For me, it’s not only the sight, the aromas, the texture to hand and underfoot that grabs me – it is the fact I can look at both the whole forest ecosystem and the individual trees, and see them grow 50 or 100 years into the future. I also find myself winding back the clock on a tree to a seedling and tracing the influences that have shaped its growth. They are guardians of memory, recording climatic events and personal traumas, stored within and throughout their woody body.
Walking in a forest or messing about in the soil never ceases to elevate my mood or enable me to work through a problem.
My muscles and mind are stretched, and wandering with my feet mirrors the wandering of my mind, thoughts meander easily and I stumble upon small epiphanies and somehow my posture improves and my eyes adjust to the pleasing palette of colours. Forests, trees and the living environment they enrich are always a source of solace and stimulation, and my ability to access this resource on a daily basis is indispensable to not only the continued maintenance of my health, but also enables me to thrive and gain much needed perspective.
Marie Stonehouse – BSc (Hons) sustainable development, Argyll College UHI
My journey with the University of the Highlands and Islands began with the hope that it would lead to exciting new challenges. Having a background in business, I eagerly sought a career change that would have a positive socio-environmental impact. In reflection, my time studying sustainable development was a fantastic experience.
The modules highlight the fact that humanity is in crisis, faced with a rapidly changing world. Changes due to issues such as anthropogenic climate change, species extinction and deforestation. Zoonotic diseases, such as coronavirus disease 2019 (COVID-19), have emerged in the last 100 years because of our encroachment on nature.
The sum total is global ecological collapse which will continue to impact economic stability, causing socio-political unrest and increase social inequality. These and many other global stressors demonstrate the need for global cooperation and sustainable solutions, now more than ever. The modules offered a holistic approach to understanding the colossal problems we face today, following the UN Sustainable Development goals, helping to equip students with the knowhow to move society forward.
This background knowledge and my desire to help make a difference at the local level, inspired my stewardship at Coves Local Nature Reserve. My volunteer work began in autumn 2017. Students were asked to create a pamphlet representing a local designated site, my choice was Coves Local Nature Reserve. While researching this site, I noticed that The Conservation Volunteers were responsible for land maintenance. I contacted the organisation and began to volunteer with the group. A long story short, The Conservation Volunteers funding for work at the reserve came to an end in December 2018 and, by March 2019, the friends of Coves group was constituted.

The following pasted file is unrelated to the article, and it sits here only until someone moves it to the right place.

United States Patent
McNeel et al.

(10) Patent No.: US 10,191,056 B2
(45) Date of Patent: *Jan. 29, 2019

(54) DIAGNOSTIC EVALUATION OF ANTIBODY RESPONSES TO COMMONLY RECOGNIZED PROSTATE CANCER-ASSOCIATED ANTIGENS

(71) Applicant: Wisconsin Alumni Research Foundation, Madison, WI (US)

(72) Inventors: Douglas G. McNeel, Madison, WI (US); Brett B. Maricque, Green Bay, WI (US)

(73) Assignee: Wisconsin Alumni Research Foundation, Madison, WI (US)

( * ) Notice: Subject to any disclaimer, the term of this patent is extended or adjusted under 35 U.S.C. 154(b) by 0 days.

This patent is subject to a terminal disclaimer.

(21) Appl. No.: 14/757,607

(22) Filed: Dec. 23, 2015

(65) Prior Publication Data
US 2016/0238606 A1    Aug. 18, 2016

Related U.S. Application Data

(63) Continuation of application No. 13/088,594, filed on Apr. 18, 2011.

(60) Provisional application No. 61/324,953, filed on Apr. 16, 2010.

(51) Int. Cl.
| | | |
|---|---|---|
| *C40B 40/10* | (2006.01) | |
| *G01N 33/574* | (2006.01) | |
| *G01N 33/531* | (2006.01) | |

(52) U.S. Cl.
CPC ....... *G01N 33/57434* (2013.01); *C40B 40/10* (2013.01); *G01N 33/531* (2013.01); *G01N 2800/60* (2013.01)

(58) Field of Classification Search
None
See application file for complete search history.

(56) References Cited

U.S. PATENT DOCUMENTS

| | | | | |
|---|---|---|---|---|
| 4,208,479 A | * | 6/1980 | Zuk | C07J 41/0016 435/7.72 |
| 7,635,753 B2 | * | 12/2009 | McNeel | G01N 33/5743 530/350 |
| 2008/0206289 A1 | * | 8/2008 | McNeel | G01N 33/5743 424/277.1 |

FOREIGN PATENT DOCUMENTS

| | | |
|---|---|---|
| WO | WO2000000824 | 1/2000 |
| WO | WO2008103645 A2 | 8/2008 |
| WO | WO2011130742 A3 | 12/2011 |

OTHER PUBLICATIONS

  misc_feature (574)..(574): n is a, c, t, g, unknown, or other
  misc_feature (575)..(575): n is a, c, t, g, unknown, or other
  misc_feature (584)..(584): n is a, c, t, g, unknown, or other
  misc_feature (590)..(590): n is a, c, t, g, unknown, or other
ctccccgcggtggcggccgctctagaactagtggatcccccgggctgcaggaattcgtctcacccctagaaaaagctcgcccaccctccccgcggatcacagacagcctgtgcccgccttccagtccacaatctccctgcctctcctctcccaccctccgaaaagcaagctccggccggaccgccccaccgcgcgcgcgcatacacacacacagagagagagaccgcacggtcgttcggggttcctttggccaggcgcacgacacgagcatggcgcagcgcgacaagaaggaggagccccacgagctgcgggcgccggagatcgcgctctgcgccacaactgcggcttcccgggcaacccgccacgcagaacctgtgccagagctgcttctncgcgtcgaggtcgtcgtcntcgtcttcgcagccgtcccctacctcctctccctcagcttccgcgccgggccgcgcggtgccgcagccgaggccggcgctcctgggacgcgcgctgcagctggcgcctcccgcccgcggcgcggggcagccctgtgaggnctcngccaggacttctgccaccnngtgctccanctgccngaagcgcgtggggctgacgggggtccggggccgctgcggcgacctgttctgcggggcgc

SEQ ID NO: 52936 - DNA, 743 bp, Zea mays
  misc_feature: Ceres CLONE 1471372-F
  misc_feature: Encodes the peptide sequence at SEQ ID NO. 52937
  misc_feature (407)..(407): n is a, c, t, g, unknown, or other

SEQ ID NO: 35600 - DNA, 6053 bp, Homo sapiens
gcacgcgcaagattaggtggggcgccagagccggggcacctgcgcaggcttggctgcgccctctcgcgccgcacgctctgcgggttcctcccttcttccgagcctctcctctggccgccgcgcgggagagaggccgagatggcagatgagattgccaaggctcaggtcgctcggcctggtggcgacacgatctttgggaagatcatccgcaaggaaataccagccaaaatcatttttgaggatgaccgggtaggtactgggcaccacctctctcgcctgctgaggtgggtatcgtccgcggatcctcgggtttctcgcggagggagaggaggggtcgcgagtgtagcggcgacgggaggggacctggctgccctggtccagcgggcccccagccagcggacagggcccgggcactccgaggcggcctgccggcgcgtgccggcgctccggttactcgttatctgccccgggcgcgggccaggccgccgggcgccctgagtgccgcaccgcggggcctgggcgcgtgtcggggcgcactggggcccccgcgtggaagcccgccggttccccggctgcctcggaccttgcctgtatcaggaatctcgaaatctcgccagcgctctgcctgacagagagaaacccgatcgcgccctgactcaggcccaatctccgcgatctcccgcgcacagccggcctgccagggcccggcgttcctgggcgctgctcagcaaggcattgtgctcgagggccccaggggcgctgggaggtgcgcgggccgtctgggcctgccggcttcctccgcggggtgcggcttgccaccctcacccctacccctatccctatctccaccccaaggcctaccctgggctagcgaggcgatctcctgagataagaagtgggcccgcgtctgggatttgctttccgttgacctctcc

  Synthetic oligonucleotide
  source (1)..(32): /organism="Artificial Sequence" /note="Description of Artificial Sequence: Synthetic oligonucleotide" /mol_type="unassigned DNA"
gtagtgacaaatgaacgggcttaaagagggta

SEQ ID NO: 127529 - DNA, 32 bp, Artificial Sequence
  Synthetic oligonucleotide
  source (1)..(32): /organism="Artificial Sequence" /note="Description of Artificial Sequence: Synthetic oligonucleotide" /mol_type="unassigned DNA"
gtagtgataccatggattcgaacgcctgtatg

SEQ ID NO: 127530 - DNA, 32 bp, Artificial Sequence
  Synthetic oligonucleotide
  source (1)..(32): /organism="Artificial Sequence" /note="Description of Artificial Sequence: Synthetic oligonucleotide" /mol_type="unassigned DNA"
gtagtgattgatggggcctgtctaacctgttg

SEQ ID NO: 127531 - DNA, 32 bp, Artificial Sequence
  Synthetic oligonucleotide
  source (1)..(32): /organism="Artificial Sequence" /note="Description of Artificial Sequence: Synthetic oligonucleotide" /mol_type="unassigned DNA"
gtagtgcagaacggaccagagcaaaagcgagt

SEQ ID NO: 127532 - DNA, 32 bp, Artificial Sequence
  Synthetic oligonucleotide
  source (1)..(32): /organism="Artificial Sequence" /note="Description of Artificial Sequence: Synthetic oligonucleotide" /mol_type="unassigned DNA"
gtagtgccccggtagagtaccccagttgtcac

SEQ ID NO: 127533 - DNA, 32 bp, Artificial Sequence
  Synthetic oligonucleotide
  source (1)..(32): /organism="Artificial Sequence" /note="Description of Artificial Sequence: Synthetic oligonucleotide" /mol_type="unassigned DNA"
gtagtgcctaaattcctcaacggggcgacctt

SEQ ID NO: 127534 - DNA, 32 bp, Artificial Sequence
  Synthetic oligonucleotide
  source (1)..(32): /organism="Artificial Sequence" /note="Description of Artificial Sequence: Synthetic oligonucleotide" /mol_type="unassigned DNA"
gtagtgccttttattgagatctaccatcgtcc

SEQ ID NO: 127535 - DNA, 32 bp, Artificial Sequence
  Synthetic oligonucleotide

As Chair, I have led our group following the principles of sustainability, emphasising that our conservation work is an inclusive experience, seeking to empower the community, disseminate and advocate for this urban green space for long term resilience. It also follows the ethos of ecosystem services which identifies that healthy ecosystems equal healthier societies. Cost-effective economic benefits will be gained through clean air, water and improved food provision whilst reducing health care costs.
Caring for nature and giving it it’s place, improves human health, wellbeing and improves economic outcomes.
I organise weekly land maintenance events, monthly litter picks, safety inspections, plan special events, manage the social media platform, maintain equipment, fundraising and funding applications, plan meetings and liaison with the council, third sector and other organisations. As a group, we are part of Inverclyde Reforestation Project in which we have been planting trees since November 2019 and seek to become more involved in schools and with social prescribing.
Since the lockdown, volunteers have slowly begun to re-emerge onto the scene. Although we are an outdoor group, restrictions still apply and social distancing measure are observed.
Now more than ever, my work sourcing help with path widening is needed, as visitor numbers have increased by approximately 400%.
A large part of what I do is to engage with outside agencies and organisations to ensure continued and long-term resilience of this urban green space.
Kirstie Cownie – BA (Hons) equine business management, North Highland College UHI
Over the last few months of lockdown, I could not have been more grateful to have had my ponies to keep me healthy, both physically and mentally.
The lockdown meant I had gone from being an active, outdoor person who was barely in the house to being inside most of the time.
Being able to go outside and ensure my horses were still safe and well was essential for my wellbeing. I enjoyed the peace and quiet, this was a place to forget about everything which was going on across the world.
I found myself in a lucky situation as my ponies are in a secluded field next to my parents’ house which meant they had to be managed daily. I heard stories from several friends who have horses stabled at livery yards and weren’t allowed to see them for weeks on end, I really felt for them.
I often took my two year old daughter out to the ponies with me as I felt it was important for her to also get out of the house and have a change of scenery, be able to spend time with the ponies and interact with them.
I generally find my ponies to be a place where I can de-stress and, through this awful situation, they have been a blessing in disguise. I feel these last few months have allowed me to appreciate them much more than I perhaps have in the past.
To find out more about the University of the Highlands and Islands’ courses, visit www.uhi.ac.uk/courses
3 thoughts on “Nature and nurture: Why being outdoors is helping us through lockdown”
Reblogged this on Wolf's Birding and Bonsai Blog.
Thanks, that’s great 🙂